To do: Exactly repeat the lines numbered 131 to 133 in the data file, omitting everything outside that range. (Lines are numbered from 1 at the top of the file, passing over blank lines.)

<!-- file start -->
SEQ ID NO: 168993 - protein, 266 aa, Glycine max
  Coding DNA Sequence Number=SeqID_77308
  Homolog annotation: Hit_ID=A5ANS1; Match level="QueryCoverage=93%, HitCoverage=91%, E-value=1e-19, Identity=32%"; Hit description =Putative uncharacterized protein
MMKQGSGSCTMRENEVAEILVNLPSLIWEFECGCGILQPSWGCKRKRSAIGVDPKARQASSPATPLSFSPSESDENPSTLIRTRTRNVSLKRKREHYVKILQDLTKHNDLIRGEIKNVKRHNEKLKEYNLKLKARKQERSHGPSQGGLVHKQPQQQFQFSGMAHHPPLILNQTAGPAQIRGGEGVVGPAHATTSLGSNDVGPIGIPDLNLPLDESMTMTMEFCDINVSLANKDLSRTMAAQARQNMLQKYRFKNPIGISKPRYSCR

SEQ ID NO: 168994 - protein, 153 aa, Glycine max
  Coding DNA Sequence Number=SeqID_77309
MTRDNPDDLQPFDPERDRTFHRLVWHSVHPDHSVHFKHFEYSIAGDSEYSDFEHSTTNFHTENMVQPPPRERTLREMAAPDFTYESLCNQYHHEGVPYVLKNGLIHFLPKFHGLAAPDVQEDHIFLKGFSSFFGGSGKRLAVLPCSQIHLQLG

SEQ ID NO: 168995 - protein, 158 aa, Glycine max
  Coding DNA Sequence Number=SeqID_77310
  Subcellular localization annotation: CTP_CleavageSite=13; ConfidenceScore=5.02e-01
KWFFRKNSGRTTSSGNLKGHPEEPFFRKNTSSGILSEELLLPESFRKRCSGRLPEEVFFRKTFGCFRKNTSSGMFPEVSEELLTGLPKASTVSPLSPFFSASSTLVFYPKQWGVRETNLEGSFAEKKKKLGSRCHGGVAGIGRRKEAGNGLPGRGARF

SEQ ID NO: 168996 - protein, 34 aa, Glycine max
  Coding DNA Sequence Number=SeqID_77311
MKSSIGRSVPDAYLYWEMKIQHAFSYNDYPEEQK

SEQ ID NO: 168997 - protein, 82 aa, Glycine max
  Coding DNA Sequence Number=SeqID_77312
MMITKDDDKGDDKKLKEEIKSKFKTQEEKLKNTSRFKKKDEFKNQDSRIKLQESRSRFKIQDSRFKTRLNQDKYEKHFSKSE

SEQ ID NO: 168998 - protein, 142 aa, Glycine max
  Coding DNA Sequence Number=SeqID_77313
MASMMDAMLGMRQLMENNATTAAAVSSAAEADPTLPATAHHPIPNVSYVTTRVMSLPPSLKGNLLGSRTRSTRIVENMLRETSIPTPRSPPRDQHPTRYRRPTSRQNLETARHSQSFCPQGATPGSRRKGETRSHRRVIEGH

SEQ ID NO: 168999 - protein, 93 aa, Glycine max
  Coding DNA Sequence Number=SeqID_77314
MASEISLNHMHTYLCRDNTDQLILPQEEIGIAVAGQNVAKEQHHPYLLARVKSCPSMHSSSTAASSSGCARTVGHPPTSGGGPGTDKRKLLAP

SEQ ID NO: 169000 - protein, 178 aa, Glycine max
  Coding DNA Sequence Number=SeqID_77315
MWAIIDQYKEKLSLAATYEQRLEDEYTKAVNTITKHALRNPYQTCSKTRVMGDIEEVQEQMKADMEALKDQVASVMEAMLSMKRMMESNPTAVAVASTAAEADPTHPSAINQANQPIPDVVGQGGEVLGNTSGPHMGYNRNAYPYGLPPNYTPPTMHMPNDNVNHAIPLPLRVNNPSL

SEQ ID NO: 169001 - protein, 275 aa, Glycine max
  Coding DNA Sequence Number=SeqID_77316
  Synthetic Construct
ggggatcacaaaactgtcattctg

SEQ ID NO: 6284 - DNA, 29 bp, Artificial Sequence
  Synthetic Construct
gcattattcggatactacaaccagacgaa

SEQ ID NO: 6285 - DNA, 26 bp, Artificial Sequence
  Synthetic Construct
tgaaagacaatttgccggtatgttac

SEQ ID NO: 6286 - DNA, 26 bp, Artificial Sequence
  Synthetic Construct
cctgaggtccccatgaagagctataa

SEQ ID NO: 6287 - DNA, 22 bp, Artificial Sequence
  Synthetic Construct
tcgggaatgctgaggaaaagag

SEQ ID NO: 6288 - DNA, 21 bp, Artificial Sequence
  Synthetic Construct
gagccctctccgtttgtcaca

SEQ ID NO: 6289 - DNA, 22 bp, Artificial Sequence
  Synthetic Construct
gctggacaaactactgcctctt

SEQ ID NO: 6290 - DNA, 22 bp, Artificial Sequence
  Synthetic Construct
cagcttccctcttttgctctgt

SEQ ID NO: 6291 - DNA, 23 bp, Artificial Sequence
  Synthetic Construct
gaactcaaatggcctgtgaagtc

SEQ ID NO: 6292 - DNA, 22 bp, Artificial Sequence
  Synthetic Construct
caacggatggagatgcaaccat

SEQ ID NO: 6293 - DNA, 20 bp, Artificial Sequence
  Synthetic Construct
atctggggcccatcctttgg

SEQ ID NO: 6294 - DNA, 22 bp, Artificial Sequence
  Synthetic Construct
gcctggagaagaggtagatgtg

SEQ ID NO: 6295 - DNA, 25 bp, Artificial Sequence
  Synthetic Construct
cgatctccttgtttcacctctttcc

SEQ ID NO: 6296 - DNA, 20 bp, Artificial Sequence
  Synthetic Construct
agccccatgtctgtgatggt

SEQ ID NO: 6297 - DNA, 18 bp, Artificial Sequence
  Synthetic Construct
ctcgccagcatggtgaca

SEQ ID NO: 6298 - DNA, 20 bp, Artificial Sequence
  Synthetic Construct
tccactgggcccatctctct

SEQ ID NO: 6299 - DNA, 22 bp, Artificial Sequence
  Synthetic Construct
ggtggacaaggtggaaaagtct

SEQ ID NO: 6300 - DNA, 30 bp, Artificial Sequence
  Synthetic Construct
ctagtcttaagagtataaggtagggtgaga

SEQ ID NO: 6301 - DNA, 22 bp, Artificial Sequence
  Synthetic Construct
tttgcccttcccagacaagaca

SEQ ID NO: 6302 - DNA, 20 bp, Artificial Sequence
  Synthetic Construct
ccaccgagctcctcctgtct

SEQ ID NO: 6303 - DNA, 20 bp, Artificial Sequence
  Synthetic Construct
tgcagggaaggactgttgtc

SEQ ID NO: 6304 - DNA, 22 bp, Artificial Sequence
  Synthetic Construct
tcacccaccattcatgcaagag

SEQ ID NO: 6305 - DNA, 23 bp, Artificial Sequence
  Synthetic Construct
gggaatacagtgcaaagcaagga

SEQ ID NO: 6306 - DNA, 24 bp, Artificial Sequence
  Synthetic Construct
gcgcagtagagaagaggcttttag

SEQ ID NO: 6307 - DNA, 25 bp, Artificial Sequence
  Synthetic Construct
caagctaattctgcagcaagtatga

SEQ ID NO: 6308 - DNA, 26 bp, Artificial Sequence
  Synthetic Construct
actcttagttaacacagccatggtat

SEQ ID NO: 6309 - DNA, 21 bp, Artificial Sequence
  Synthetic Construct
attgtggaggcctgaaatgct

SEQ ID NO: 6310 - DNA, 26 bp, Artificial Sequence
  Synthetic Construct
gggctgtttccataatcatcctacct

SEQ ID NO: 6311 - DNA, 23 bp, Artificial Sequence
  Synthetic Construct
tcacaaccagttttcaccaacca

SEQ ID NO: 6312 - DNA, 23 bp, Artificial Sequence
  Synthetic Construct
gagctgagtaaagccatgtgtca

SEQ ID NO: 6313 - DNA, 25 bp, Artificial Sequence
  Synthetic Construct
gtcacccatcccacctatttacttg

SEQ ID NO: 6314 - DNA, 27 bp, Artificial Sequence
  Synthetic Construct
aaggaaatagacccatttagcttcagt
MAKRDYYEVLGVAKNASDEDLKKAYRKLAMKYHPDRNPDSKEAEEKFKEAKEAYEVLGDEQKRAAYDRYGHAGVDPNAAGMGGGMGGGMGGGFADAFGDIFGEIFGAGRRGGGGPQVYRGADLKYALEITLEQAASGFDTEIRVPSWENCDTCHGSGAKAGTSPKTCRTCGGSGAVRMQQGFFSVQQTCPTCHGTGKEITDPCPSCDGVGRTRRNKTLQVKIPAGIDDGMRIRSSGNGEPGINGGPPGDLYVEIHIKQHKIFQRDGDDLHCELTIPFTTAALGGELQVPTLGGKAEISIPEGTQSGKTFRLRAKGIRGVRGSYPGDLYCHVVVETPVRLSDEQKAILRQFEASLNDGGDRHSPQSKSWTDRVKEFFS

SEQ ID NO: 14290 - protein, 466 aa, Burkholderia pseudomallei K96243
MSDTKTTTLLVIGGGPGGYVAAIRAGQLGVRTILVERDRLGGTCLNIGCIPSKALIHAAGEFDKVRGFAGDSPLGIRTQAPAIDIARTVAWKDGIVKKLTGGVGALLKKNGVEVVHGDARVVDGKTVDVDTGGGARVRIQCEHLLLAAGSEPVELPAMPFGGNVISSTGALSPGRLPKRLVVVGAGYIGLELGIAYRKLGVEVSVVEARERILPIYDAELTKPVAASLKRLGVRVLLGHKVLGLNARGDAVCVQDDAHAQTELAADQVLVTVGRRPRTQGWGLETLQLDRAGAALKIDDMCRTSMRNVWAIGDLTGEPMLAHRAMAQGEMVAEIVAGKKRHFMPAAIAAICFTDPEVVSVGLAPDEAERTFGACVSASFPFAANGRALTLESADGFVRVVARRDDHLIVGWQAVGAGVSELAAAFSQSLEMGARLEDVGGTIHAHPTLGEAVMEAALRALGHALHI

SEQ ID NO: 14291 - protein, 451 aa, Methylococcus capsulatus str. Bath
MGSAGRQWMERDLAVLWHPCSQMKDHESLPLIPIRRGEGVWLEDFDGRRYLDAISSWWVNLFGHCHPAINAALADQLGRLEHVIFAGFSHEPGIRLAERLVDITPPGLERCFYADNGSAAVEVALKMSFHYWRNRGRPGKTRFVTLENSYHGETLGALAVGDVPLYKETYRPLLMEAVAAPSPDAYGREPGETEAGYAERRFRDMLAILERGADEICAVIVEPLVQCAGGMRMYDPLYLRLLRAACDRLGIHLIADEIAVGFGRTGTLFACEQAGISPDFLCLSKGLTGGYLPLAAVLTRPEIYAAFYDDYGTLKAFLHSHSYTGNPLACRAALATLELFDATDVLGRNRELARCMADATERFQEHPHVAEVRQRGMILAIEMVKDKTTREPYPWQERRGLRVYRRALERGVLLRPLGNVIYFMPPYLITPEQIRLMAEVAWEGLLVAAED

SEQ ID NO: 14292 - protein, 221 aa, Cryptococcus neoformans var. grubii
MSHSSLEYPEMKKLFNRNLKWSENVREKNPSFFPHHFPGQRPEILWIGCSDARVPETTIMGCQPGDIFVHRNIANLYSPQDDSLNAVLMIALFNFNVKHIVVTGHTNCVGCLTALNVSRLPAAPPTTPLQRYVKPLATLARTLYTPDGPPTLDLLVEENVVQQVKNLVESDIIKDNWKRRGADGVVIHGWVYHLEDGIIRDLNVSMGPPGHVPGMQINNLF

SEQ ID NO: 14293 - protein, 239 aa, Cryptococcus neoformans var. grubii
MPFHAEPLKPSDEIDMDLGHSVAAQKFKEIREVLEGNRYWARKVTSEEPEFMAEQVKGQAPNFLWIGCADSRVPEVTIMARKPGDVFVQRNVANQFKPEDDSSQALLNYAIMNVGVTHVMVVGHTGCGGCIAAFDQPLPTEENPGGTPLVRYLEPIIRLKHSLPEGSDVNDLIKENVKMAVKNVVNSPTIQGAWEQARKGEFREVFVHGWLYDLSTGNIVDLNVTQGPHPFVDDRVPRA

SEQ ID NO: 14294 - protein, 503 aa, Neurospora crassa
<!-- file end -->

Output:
SEQ ID NO: 14293 - protein, 239 aa, Cryptococcus neoformans var. grubii
MPFHAEPLKPSDEIDMDLGHSVAAQKFKEIREVLEGNRYWARKVTSEEPEFMAEQVKGQAPNFLWIGCADSRVPEVTIMARKPGDVFVQRNVANQFKPEDDSSQALLNYAIMNVGVTHVMVVGHTGCGGCIAAFDQPLPTEENPGGTPLVRYLEPIIRLKHSLPEGSDVNDLIKENVKMAVKNVVNSPTIQGAWEQARKGEFREVFVHGWLYDLSTGNIVDLNVTQGPHPFVDDRVPRA

SEQ ID NO: 14294 - protein, 503 aa, Neurospora crassa